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Shanghai apartment buildings are secretly installing facial-recognition devices

Jane Li
Surveillance

Shanghai appears to be quietly—and secretly—installing facial-recognition devices in apartment buildings since last year. While the technology is widely used in China, this represents a worrying trend: the expansion of digital surveillance from public space to private ones.

Residents of the city’s Luoma Garden apartment complex told Chinese business publication Caixin that they had raised queries after noticing display equipment for advertisements being installed in elevators (link in Chinese) last month, according to a report from the outlet this week. The building’s management told residents that facial-recognition equipment had been put in place in coordination with the local police. Residents quoted in the report said that local police also confirmed to them that cameras with facial-recognition functions had been installed to help spot “suspicious” persons and prevent crimes. Quartz couldn’t reach the building’s management.

The report follows a complaint last year (link in Chinese) from another resident in the city posted on a Shanghai government website, complaining that the access card for their apartment complex no longer worked, and that the person now had to scan their face to get into their apartment building. They had received no notification beforehand. A response posted on the site suggests the move is part of a Shanghai public security program to shift apartment buildings to facial-recognition for access to the complexes, as well as in elevators.

“Such a big (campaign) to install facial recognition devices across the city has never been properly publicized by the government! Are you treating us like idiots?” wrote the initial complainant.

The Caixin report this week also drew alarm on social media. “Are we in 1984?” asked one Weibo user, referring to the dystopian George Orwell novel.

“Someone said this is to prevent crime, but we are already living under the massive network of surveillance cameras and being monitored, don’t you feel we are living under a horrible pressure?” wrote another.

Facial-recognition technology has become a new front in Beijing’s broader efforts to enhance its digital surveillance. From jaywalkers to payments to getting a new mobile phone number, the technology is being used in almost every corner of public life, with no way to opt out. In Hong Kong, fears about the similar use of the technology have prompted Hong Kong protesters to wear masks at protests, and to vandalize “smart” lampposts that they believed were used for surveillance. Hong Kong this month banned protesters from wearing face masks at rallies.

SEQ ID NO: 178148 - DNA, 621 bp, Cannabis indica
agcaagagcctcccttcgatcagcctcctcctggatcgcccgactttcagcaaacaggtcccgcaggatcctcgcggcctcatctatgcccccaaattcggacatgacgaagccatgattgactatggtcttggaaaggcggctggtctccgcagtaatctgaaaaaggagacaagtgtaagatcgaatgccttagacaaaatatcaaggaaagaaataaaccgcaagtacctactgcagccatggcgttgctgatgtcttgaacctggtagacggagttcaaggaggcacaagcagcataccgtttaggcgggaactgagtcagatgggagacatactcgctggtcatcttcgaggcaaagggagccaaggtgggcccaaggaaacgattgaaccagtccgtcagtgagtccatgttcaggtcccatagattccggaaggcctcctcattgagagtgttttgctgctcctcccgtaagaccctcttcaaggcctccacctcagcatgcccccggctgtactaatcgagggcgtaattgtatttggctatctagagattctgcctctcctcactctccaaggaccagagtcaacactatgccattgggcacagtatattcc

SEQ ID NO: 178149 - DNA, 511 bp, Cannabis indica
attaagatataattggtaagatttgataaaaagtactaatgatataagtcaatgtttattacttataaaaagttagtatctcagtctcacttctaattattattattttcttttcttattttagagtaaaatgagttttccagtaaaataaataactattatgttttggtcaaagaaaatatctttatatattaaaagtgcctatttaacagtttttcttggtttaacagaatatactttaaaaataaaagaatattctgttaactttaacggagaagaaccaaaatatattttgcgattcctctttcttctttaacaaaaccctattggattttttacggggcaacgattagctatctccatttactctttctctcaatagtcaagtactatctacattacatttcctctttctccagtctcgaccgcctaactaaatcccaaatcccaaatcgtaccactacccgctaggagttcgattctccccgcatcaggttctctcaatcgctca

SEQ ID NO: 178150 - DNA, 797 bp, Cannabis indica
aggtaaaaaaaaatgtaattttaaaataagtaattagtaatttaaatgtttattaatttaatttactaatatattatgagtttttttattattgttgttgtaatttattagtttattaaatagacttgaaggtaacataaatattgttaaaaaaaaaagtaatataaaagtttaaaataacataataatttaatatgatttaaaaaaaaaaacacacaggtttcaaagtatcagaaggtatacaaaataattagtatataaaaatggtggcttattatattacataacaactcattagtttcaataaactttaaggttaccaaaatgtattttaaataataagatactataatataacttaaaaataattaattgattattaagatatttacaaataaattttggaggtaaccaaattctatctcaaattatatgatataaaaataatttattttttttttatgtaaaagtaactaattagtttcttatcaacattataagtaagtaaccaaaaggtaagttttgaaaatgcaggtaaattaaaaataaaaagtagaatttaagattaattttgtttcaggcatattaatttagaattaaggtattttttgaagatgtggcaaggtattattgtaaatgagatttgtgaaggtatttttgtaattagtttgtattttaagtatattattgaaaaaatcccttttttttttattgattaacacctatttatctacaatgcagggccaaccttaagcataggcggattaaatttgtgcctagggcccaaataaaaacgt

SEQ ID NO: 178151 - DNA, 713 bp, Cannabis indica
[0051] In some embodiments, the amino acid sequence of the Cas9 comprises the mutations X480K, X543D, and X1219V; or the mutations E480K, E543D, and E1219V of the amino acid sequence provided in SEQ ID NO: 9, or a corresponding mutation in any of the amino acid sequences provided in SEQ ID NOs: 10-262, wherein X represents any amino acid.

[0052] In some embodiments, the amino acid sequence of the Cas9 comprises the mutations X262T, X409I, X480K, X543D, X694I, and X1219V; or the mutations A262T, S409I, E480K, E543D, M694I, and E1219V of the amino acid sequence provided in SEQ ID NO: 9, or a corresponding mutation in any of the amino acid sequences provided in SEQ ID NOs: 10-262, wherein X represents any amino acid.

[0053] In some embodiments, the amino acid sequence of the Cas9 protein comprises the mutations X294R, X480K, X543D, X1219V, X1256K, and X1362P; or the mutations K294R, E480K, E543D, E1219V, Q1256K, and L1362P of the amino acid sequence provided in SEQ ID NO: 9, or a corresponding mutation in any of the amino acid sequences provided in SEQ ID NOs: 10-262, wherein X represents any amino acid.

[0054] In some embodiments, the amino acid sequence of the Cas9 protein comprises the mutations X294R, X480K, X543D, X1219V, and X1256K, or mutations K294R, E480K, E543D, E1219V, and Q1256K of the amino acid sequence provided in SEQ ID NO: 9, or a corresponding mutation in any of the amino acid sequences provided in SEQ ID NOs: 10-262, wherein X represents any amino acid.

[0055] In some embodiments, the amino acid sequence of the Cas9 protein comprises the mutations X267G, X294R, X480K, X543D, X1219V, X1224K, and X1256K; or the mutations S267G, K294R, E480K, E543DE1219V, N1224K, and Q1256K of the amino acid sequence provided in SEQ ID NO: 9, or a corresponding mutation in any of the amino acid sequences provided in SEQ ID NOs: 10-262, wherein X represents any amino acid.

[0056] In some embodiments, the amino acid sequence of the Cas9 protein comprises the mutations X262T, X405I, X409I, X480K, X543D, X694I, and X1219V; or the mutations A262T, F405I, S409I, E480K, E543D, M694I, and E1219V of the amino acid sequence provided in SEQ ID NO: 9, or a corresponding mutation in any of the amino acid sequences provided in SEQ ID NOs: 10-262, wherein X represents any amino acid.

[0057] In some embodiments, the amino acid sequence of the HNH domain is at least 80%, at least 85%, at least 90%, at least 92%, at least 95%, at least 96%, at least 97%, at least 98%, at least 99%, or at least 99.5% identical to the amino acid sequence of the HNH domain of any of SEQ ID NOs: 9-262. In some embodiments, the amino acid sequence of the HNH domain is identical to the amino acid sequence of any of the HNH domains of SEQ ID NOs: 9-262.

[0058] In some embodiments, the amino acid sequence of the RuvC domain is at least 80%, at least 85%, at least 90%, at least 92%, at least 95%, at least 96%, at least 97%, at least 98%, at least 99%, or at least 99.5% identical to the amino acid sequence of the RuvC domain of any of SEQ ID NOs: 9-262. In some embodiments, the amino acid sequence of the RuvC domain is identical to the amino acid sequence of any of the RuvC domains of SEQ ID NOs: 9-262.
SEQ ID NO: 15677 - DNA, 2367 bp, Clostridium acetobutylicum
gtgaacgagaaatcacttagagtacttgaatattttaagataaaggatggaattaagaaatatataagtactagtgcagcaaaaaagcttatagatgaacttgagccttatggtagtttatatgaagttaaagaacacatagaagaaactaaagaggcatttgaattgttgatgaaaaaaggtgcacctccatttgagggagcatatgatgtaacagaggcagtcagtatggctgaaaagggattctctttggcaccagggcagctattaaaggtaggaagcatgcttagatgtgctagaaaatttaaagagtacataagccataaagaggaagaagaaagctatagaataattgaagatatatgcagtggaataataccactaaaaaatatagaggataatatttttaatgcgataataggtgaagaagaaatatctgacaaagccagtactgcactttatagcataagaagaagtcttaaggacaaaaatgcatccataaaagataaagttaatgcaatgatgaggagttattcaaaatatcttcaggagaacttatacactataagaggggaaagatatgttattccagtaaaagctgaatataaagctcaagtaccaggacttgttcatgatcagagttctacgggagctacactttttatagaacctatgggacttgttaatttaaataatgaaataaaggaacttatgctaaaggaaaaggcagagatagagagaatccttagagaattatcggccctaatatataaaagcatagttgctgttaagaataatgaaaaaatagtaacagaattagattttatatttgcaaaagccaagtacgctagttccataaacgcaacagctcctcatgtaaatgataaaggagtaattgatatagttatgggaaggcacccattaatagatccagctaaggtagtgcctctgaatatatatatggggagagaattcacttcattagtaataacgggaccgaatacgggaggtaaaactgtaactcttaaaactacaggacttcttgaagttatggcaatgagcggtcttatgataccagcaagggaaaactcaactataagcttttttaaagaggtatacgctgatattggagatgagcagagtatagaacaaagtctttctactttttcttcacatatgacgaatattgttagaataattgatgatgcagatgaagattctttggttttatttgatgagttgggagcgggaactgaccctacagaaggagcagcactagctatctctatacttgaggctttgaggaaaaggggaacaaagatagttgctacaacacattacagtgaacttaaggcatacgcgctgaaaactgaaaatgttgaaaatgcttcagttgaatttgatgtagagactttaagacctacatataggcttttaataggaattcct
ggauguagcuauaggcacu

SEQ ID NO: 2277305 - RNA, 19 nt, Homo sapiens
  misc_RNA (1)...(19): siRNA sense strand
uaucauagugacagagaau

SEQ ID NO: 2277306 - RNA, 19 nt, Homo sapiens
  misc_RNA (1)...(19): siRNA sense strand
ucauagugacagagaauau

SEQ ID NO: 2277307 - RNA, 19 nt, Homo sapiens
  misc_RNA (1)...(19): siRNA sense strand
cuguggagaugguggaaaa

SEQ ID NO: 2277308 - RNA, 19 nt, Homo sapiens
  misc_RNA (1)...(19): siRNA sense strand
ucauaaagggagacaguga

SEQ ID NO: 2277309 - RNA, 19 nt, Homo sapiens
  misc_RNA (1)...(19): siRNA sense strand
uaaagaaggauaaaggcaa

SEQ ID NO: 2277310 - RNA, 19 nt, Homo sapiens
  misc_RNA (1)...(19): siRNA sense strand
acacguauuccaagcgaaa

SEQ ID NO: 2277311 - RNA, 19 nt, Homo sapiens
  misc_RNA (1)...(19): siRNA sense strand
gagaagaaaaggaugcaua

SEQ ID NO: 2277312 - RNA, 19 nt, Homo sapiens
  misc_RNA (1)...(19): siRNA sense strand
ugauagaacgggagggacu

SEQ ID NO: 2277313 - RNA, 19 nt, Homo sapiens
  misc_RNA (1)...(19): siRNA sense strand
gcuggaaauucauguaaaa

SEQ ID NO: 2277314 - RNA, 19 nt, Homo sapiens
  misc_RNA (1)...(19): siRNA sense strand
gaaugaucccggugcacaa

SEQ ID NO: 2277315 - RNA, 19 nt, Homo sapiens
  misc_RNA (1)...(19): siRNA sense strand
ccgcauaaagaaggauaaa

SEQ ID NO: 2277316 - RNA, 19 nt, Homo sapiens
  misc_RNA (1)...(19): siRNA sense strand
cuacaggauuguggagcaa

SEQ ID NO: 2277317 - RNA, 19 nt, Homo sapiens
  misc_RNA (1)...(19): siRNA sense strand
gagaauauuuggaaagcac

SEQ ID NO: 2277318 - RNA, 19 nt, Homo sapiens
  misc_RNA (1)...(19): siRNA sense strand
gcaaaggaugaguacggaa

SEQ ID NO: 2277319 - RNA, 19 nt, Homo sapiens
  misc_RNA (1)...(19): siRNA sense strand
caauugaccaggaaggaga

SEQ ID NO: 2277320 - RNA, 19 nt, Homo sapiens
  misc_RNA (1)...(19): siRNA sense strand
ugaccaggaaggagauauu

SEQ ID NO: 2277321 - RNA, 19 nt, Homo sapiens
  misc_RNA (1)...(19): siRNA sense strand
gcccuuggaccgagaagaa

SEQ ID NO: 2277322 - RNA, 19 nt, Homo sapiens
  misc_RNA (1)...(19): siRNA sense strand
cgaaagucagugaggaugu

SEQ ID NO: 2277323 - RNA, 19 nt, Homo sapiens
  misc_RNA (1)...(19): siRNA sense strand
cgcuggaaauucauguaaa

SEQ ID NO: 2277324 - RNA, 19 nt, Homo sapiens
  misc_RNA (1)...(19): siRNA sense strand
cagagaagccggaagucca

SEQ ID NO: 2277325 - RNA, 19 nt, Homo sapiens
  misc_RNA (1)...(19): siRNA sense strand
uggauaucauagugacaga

But the introduction of facial recognition in apartment buildings appears to be new. As of May, around one-third of Shanghai’s over 10,000 apartment complexes have been equipped such devices, according to Chinese newspaper Southern Weekly. Shanghai residents, according to the Caixin report, including those at Luoma Garden, said they were not informed by the government of plans to install such devices. Moreover, a technician installing the devices at Luoma Garden was quoted by Caixin as saying the equipment “were meant to look hidden.”

“The expansion of the Chinese government’s surveillance camera network is part of the Chinese government’s broader efforts to build a surveillance state in which people are monitored through multiple sensory systems, and where these systems alert the authorities of anything ‘unusual’ that warrants attention,” Maya Wang, senior China researcher at Human Rights Watch, which has many times raised concerns about the excessive collection of personal data in China, and its use to suppress dissent.

Wang added that current laws “do not provide meaningful protections against unlawful or abusive government surveillance… And there’s no specific law regulating the use of facial recognition.”

Apart from the issues of consent and privacy, it’s not clear the technology is even reliable enough for such uses. Shanghai Observer, a Chinese news app, reported this week that some Chinese primary school students managed to open “smart” lockers at their schools using photos of the locker owners.

While cities in the US and Europe have been far more cautious about using facial recognition, some residents in New York have found their homes embracing the technology as well, with little input from them, leading to at least one legal action. The city council is now considering legislation to govern how landlords and businesses use facial recognition (paywall) and other biometric data, including how to inform people that it is being used.

For years, the Chinese government has been collecting an increasing amount of data from its citizens, especially in its western Xinjiang region, where an estimated one million Uyghur Muslims have been forced to attend so-called “re-education” camps. Chinese police are also building a database that will be able to draw on information such as medical history and delivery records linked to people’s unique national identification numbers.

Privacy rights are gateway rights: once you have no privacy, like it is in Xinjiang, you cannot freely express yourself, or even freely think your thoughts,” said Wang.

 

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